After our trip to Stoney Littleton Long Barrow, we decided to head down to Fairleigh Hungerford Castle which can be found in the village of the same name located on the Somerset/Wiltshire border about 9 miles from the city of Bath. It was only a 10 minute drive so it seemed like a good idea to pop in while we were in the area. The site is run by English Heritage and is a Grade I listed building.
Most of the site is now ruined with only foundations visible in the inner courtyard, however, there are the outer walls along with the shells of 2 towers on the South Western and South Eastern corners respectively. The most complete of these is the South West or ‘Lady Tower’ which was so named as the site where Lady Elizabeth Hungerford was believed to have been held prisoner by her husband.
The castle was purchased in the 1300s by Sir Thomas Hungerford who built phase 1 of the castle on the site of an existing manor house, the second phase was completed later in the 1400s by Sir Walter Hungerford who extended the castle by building an outer court which also enveloped the local chapel. The chapel is an interesting place to visit, with medieval murals still visible on the walls and in a small chapel in the North sept where you can visit the 17th-century tombs of members of the Hungerford family.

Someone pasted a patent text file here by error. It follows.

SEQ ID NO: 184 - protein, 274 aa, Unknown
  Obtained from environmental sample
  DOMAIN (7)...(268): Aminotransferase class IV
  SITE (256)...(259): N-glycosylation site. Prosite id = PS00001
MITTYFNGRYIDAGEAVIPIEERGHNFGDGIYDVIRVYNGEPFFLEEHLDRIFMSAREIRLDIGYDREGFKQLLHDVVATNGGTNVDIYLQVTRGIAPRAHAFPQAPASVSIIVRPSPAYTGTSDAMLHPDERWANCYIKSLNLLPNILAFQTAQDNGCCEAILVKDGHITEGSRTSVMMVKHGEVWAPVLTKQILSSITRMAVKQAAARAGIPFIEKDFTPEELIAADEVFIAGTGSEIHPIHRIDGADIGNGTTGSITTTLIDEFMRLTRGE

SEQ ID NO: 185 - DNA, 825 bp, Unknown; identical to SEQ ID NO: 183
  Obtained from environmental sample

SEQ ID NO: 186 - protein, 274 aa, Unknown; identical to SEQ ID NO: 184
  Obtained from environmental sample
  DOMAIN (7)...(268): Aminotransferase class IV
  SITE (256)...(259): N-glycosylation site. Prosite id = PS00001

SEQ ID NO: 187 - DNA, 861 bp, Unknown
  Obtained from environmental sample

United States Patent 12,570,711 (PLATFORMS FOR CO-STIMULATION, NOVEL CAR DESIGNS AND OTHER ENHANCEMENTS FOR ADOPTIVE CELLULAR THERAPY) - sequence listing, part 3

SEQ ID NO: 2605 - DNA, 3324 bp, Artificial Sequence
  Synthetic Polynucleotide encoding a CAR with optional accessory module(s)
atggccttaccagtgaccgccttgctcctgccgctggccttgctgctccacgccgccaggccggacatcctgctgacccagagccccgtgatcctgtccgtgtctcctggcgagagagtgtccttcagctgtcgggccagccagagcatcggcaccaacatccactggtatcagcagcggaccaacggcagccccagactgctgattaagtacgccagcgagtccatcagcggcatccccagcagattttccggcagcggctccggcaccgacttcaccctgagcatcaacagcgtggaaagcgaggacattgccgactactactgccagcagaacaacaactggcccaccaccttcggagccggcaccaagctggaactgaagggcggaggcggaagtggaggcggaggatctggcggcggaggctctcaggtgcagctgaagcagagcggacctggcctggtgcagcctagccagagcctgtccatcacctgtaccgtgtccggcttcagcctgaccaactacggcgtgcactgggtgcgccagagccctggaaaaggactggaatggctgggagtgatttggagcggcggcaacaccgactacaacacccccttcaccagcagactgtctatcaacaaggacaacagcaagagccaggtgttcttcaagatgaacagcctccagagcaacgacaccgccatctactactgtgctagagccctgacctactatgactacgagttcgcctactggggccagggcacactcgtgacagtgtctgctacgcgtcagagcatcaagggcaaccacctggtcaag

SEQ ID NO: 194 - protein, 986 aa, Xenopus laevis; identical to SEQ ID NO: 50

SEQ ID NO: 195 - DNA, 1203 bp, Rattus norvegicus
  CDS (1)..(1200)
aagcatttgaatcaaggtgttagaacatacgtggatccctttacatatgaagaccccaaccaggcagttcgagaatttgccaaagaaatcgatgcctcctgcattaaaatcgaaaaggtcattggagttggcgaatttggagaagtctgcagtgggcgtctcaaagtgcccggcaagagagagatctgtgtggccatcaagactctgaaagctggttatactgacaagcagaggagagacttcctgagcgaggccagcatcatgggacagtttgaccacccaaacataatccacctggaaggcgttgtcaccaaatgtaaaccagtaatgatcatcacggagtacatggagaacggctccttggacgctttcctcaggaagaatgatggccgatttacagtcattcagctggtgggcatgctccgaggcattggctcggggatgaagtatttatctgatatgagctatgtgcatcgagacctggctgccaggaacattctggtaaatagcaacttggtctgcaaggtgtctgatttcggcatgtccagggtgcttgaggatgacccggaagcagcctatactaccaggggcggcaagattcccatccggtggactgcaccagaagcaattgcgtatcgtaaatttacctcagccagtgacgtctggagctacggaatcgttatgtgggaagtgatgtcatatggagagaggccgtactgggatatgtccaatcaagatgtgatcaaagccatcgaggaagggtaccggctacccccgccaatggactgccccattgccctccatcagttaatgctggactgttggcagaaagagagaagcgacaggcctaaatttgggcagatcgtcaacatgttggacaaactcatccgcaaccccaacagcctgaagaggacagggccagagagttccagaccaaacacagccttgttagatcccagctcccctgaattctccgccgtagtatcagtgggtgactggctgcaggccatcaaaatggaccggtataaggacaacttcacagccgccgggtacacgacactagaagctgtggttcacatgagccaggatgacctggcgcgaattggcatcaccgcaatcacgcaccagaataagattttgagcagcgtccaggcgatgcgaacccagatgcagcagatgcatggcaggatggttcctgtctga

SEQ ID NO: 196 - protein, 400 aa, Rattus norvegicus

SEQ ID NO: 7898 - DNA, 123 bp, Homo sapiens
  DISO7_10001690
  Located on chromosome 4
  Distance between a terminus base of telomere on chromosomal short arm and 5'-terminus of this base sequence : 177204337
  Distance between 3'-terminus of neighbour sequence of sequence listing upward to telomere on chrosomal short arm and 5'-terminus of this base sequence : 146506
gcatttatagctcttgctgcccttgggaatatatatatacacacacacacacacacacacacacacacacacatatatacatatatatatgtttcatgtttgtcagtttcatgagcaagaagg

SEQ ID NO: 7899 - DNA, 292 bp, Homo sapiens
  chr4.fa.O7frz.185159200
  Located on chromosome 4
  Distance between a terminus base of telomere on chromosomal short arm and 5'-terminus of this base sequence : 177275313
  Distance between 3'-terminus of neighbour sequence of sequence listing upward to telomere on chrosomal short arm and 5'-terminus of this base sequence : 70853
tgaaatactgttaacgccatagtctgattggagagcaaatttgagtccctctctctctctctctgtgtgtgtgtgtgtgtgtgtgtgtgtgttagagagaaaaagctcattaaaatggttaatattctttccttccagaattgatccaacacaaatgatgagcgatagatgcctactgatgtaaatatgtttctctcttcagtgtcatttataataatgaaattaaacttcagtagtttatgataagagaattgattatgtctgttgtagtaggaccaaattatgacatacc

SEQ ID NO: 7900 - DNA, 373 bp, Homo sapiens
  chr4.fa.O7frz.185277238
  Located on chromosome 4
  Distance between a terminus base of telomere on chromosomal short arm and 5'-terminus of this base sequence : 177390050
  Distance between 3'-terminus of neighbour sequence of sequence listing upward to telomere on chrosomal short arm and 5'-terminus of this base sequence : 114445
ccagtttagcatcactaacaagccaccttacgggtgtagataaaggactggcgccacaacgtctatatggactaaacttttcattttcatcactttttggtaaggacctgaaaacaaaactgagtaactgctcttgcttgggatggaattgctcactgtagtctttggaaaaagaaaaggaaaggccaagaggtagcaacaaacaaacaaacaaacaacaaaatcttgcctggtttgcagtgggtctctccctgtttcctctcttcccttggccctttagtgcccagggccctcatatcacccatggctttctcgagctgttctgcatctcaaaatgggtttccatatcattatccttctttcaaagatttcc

Behind the chapel is the Priest’s house which is still intact and now houses a museum and also interestingly there is an old crypt which houses some lead coffins. These were apparently pretty commonplace during the late 16th and 17th Centuries but are now quite rare and the collection there is said to be one of the best collections within the UK. They were actually pretty creepy.
Car parking is free but you will be asked to pay for entry or you can join English Heritage here if you wish. Audio guides and guidebooks are available in the gift shop.